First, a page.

Give individuals who have had their intimate images shared without consent a fast-track option to getting them taken down, says the Women’s Legal Education and Action Fund (LEAF).

LEAF’s submission comes as the Province of Nova Scotia reviews its Intimate Images and Cyber-protection Act. The Act provides supports for people targeted by technology-facilitated violence (TFV), digital abuse, and the non-consensual distribution of intimate images (NCDII).

This submission relied and built on previous recommendations made in LEAF’s Deplatforming Misogyny report, the Uniform Non-Consensual Disclosure of Intimate Images Act, and Alexa Dodge’s Deleting Digital Harm: A Review of Nova Scotia’s CyberScan Unit report.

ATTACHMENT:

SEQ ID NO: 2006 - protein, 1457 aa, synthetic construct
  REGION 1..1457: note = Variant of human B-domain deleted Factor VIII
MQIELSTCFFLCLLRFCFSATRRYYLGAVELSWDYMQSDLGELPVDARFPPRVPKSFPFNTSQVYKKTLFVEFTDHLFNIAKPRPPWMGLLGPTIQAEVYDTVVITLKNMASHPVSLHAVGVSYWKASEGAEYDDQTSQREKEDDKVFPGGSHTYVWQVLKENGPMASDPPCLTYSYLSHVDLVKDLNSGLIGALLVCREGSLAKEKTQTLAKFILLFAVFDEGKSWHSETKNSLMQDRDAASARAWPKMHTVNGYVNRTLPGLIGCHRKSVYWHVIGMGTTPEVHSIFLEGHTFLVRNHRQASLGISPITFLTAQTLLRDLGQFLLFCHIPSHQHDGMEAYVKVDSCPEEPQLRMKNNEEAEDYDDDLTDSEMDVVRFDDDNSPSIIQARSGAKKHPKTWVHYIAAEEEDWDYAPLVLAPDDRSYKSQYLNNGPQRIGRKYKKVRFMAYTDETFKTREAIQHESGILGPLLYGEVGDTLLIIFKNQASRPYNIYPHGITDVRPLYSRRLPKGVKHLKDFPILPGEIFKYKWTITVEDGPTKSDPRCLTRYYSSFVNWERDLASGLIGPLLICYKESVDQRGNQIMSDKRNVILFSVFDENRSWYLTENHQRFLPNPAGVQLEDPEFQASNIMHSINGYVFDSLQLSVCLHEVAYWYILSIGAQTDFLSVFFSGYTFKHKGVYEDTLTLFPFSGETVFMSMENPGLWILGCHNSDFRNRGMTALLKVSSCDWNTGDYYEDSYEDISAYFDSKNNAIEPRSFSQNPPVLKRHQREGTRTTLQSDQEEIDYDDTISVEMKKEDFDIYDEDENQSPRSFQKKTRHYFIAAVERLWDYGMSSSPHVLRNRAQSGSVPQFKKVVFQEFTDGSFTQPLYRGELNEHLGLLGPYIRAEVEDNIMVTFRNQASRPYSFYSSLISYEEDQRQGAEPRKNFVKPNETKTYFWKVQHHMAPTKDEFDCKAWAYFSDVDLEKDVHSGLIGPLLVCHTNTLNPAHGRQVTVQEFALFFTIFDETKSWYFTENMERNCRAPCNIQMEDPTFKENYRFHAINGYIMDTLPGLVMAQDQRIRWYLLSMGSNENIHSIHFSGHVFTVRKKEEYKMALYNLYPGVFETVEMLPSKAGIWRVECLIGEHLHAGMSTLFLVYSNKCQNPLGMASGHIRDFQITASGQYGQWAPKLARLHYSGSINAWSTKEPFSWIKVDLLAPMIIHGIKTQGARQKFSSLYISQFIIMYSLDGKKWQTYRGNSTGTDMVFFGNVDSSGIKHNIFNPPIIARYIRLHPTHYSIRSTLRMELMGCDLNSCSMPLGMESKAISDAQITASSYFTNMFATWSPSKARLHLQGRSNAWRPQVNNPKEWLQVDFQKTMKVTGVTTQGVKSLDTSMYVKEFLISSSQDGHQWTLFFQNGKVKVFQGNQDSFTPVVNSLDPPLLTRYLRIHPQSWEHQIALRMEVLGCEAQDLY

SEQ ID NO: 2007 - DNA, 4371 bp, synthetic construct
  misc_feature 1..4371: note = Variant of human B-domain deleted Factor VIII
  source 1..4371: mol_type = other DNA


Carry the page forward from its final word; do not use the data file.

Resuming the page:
LEAF’s recommendations focused on:

  1. Providing more expedient and direct supports to those experiencing technology-facilitated violence and the non-consensual disclosure of intimate images (NCDII);
  2. Expanding the scope of the definition of intimate images and reconsidering the parameters of “public interest”; and
  3. Broadening the scope of research and educational materials to ensure that they are survivor-centric and to cover the systemic and social context that results in digital abuse and NCDII.

You can download LEAF’s submission, written by Suzie Dunn and Rosel Kim, here.

For media inquiries, contact:

Rosel Kim
Staff Lawyer, LEAF
[email protected]

Suzie Dunn
Assistant Professor, Dalhousie School of Law
Member, LEAF’s Technology-Facilitated Violence Advisory Committee
[email protected]